So a bunch of us in blogland have been keeping quiet about the Poeta’s big secret for maybe over a month now — but now the secret’s finally out (scroll to the bottom).
What the Poeta didn’t link to on her blog entry, however, was the list of former James Laughlin Award winners — the only proper response for which is “daaaaaaaaaang.” Have come, am here indeed.
And so I thought I’d pull out my old comments from almost a year ago on a slightly different version of the now-award-winning Poeta en San Francisco; I’ve boiled them down from a rambling six-page, Lorca-ignorant, Ezra Pound-foolish letter that rather lamely begins with:
I must confess I’m still not entirely sure what I’m doing on your committee… I don’t think I’m equipped at all to examine line breaks, or to be able to see how your work draws from specific literary traditions (or doesn’t). All I can do is read it as if I were “analyzing” it, so take what I say with a grain of salt…
and my puzzlement continues from there.
But I think I’m equipped to recognize a crucial, essential work of art when I see one (one you can bet my students will be reading once it comes out), even if I completely failed to identify the Clash lyrics she quotes. As you can tell, I loved the poem, which by the end achieves a kind of dirty, ragged transcendence. The poem is an obviously contemporary one, though with an odd timeless quality, as if it dealt with some ancient humid corruption.
So here goes:
What makes your poem important in my eyes is its direct, poetic confrontation with colonialisms. In that respect, the poem functions — even on a purely linguistic level — as a critique of conquest. But it’s an epic, catholic one, encompassing different places and times, Vietnam and some stand-in jungle in the Philippines, the churches of Rome and Hollywood. It’s a deeply (dare I say quintessentially?) Filipino American poem, one that interrogates (not just in the lit-crit sense of the word, but in the fist-shaking, confrontational, bare-bulb-hanging-from-the-ceiling sense), on multiple levels of the colonial. And the title is excellent. (I was actually thinking of something of a return to San Francisco at the end — a reminder that the procession at the beginning continues.)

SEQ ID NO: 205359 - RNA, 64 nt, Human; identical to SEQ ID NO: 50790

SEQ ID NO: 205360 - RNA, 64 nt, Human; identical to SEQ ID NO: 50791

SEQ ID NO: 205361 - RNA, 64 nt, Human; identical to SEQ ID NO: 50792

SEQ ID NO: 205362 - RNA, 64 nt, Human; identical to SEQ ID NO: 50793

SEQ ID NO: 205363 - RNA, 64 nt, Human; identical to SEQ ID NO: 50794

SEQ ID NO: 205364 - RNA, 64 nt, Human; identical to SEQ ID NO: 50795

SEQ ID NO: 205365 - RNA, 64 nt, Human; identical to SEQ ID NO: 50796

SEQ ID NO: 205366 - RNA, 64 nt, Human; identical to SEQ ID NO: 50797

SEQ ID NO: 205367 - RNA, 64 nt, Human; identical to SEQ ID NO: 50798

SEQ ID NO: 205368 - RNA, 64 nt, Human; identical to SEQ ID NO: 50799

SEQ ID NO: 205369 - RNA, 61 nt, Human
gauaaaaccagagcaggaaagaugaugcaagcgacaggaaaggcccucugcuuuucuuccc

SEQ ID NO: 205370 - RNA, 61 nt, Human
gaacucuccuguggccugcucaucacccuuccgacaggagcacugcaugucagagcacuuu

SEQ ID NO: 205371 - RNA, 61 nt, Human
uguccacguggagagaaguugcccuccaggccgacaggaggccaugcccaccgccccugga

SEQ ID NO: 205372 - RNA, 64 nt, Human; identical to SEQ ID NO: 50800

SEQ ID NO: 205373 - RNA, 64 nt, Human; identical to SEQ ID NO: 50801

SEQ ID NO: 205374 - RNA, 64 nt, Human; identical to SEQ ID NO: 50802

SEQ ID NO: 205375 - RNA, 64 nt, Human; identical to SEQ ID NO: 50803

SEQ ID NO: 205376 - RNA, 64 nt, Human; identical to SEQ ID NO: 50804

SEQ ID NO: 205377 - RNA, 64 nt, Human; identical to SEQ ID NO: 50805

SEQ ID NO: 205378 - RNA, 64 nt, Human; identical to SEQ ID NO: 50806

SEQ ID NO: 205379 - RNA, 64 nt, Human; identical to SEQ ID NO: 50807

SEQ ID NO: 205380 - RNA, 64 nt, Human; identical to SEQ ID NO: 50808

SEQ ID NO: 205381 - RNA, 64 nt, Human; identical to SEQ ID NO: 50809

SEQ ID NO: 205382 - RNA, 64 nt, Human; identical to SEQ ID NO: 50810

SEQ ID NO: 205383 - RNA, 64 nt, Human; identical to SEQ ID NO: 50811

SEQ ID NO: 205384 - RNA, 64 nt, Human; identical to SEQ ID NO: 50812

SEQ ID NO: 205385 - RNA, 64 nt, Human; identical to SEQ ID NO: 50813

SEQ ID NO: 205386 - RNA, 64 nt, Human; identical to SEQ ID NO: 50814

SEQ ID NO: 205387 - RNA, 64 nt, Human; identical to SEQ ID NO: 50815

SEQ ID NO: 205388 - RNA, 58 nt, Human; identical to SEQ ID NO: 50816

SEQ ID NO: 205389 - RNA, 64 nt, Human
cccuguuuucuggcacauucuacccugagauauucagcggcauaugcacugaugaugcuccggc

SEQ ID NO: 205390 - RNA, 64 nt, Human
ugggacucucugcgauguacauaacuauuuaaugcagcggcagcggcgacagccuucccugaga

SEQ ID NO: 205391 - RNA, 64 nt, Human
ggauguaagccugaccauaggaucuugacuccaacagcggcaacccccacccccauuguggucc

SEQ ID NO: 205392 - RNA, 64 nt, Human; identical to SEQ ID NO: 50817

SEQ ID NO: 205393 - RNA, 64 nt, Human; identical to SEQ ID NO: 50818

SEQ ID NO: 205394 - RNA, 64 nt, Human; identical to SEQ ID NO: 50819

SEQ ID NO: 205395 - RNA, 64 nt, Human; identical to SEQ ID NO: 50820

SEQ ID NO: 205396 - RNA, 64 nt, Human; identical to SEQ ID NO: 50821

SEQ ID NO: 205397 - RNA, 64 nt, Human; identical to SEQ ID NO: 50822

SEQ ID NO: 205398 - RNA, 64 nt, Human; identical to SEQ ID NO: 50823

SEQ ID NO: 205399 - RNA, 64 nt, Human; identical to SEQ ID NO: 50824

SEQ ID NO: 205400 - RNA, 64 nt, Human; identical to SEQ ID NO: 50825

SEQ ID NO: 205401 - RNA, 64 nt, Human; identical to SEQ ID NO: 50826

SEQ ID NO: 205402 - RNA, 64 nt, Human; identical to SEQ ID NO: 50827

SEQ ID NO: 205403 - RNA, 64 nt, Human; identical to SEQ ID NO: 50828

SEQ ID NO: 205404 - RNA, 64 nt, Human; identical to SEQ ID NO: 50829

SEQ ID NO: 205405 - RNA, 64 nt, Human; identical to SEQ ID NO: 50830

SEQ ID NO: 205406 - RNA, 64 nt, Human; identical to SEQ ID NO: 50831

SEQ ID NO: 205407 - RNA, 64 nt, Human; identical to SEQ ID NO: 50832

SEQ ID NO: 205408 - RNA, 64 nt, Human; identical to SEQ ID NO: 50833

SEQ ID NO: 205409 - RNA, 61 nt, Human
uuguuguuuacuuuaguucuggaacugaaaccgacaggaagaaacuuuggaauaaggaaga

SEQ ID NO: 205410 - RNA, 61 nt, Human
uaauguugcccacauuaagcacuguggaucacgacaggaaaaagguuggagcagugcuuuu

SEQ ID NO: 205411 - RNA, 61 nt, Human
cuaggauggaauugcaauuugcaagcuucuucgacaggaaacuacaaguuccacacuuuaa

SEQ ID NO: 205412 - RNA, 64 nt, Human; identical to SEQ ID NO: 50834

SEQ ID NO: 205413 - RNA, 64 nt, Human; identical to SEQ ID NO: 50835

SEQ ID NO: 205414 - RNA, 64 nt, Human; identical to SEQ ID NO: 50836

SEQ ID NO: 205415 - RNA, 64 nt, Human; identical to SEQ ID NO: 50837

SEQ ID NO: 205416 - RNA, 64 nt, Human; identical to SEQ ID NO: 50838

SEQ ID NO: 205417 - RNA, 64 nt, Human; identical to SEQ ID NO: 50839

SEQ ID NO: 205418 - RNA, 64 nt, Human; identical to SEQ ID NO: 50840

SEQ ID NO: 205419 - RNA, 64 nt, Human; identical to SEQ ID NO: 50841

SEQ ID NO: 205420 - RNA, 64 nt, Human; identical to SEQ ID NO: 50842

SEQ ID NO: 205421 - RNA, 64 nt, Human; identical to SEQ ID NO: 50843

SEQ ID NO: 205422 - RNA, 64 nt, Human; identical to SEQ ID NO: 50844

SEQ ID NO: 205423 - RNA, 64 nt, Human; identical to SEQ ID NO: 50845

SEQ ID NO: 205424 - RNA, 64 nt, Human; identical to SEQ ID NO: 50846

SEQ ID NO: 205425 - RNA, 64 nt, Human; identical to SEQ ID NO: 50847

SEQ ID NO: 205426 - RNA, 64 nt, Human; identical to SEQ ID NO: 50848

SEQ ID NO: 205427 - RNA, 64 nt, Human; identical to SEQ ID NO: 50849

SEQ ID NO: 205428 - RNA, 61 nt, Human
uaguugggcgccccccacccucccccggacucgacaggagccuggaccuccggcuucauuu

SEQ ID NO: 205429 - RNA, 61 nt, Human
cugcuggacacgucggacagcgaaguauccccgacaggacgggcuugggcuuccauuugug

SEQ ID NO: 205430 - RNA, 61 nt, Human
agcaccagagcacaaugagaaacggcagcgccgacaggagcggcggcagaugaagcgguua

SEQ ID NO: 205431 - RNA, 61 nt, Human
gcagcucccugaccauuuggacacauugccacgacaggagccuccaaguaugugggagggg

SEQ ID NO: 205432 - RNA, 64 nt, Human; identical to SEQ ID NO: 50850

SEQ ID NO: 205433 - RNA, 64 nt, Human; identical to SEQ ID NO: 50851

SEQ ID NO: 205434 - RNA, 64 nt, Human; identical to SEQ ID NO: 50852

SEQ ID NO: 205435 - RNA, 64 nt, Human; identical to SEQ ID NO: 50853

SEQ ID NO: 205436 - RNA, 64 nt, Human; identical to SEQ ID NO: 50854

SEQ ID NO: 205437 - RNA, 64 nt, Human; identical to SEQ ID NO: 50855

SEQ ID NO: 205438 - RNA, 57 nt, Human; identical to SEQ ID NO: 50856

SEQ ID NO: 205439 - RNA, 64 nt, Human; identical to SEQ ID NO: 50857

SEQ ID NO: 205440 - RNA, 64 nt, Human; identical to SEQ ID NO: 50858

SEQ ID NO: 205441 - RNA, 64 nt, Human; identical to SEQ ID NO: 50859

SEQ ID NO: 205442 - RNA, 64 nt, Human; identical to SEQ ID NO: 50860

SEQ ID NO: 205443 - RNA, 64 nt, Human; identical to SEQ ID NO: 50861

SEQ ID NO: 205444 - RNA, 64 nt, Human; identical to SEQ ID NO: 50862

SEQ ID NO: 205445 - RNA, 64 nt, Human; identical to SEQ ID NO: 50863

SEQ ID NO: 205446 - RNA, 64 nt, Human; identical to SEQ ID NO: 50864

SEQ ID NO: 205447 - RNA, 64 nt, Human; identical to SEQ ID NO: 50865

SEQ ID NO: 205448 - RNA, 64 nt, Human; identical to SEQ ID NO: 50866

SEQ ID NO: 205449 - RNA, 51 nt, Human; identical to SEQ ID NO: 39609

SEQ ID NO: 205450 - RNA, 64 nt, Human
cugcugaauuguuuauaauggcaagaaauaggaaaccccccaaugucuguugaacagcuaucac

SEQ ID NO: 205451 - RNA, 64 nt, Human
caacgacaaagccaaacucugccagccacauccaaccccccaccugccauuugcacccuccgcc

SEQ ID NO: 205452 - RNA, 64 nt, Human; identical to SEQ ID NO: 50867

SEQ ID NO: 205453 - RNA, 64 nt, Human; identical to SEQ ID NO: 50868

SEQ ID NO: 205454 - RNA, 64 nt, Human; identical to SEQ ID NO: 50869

I love it. It’s head and shoulders over your previous work (which is already really saying something), and I think it’s great that the reader is, in a way, under no obligation to love it.
It’s a terrific, hallucinatory, corrosive read. Its tension / descent is almost unrelieved, and there lies both its virtue and “problem.” (I put “problem” in quotation marks because it’s not really one.) Tonally it reads like, say, a Diamanda Galas album, a long, keening shriek in the jungles of the colonized. But it’s also the reason why listening to a Galas album all the way through is difficult, enervating and sometimes even painful, but pierced with many moments of beauty. Like Poeta. It’s unapologetically hard work, and in a way it’s hard for the reader to take pleasure (in the ordinary sense of the word) in reading it, and as I wrote earlier, she or he isn’t under any obligation to “like” it.
The pleasures of language, however, are another matter; there is an awful lot to like.
There are various excerpts scattered around her blog, but you folks might as well wait for it once it comes out from Tinfish Press.
And once again, Poeta: congratulations.